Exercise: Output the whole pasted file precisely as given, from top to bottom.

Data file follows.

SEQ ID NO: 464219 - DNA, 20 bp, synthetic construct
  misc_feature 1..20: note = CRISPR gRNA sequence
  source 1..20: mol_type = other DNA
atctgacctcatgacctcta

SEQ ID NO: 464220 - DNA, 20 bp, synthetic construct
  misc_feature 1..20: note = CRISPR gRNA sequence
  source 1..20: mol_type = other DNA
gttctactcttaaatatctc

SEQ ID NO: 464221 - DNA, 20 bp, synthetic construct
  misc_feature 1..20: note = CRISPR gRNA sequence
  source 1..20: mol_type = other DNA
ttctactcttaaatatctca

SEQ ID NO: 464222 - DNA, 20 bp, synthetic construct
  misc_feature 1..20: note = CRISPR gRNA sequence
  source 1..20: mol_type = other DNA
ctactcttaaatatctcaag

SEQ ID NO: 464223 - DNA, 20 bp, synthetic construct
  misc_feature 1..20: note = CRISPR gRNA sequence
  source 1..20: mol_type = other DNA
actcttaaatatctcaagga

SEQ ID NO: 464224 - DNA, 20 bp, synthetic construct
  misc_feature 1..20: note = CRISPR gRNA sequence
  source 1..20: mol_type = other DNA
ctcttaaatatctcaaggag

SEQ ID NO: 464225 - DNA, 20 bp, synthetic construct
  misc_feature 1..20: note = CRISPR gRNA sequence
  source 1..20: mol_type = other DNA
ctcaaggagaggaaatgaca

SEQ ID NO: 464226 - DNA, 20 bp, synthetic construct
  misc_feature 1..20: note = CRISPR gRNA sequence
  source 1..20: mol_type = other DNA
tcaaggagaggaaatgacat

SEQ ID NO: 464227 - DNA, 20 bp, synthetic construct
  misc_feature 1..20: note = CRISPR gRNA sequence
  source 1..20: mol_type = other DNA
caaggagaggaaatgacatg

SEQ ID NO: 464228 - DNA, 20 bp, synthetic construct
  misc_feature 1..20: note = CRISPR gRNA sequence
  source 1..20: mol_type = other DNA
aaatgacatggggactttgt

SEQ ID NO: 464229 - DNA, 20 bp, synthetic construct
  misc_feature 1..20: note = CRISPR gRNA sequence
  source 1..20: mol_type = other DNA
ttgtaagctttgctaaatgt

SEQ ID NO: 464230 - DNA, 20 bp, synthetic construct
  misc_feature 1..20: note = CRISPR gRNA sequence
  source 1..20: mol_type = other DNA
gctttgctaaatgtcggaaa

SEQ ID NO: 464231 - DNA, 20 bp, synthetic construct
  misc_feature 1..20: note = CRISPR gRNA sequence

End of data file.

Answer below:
SEQ ID NO: 464219 - DNA, 20 bp, synthetic construct
  misc_feature 1..20: note = CRISPR gRNA sequence
  source 1..20: mol_type = other DNA
atctgacctcatgacctcta

SEQ ID NO: 464220 - DNA, 20 bp, synthetic construct
  misc_feature 1..20: note = CRISPR gRNA sequence
  source 1..20: mol_type = other DNA
gttctactcttaaatatctc

SEQ ID NO: 464221 - DNA, 20 bp, synthetic construct
  misc_feature 1..20: note = CRISPR gRNA sequence
  source 1..20: mol_type = other DNA
ttctactcttaaatatctca

SEQ ID NO: 464222 - DNA, 20 bp, synthetic construct
  misc_feature 1..20: note = CRISPR gRNA sequence
  source 1..20: mol_type = other DNA
ctactcttaaatatctcaag

SEQ ID NO: 464223 - DNA, 20 bp, synthetic construct
  misc_feature 1..20: note = CRISPR gRNA sequence
  source 1..20: mol_type = other DNA
actcttaaatatctcaagga

SEQ ID NO: 464224 - DNA, 20 bp, synthetic construct
  misc_feature 1..20: note = CRISPR gRNA sequence
  source 1..20: mol_type = other DNA
ctcttaaatatctcaaggag

SEQ ID NO: 464225 - DNA, 20 bp, synthetic construct
  misc_feature 1..20: note = CRISPR gRNA sequence
  source 1..20: mol_type = other DNA
ctcaaggagaggaaatgaca

SEQ ID NO: 464226 - DNA, 20 bp, synthetic construct
  misc_feature 1..20: note = CRISPR gRNA sequence
  source 1..20: mol_type = other DNA
tcaaggagaggaaatgacat

SEQ ID NO: 464227 - DNA, 20 bp, synthetic construct
  misc_feature 1..20: note = CRISPR gRNA sequence
  source 1..20: mol_type = other DNA
caaggagaggaaatgacatg

SEQ ID NO: 464228 - DNA, 20 bp, synthetic construct
  misc_feature 1..20: note = CRISPR gRNA sequence
  source 1..20: mol_type = other DNA
aaatgacatggggactttgt

SEQ ID NO: 464229 - DNA, 20 bp, synthetic construct
  misc_feature 1..20: note = CRISPR gRNA sequence
  source 1..20: mol_type = other DNA
ttgtaagctttgctaaatgt

SEQ ID NO: 464230 - DNA, 20 bp, synthetic construct
  misc_feature 1..20: note = CRISPR gRNA sequence
  source 1..20: mol_type = other DNA
gctttgctaaatgtcggaaa

SEQ ID NO: 464231 - DNA, 20 bp, synthetic construct
  misc_feature 1..20: note = CRISPR gRNA sequence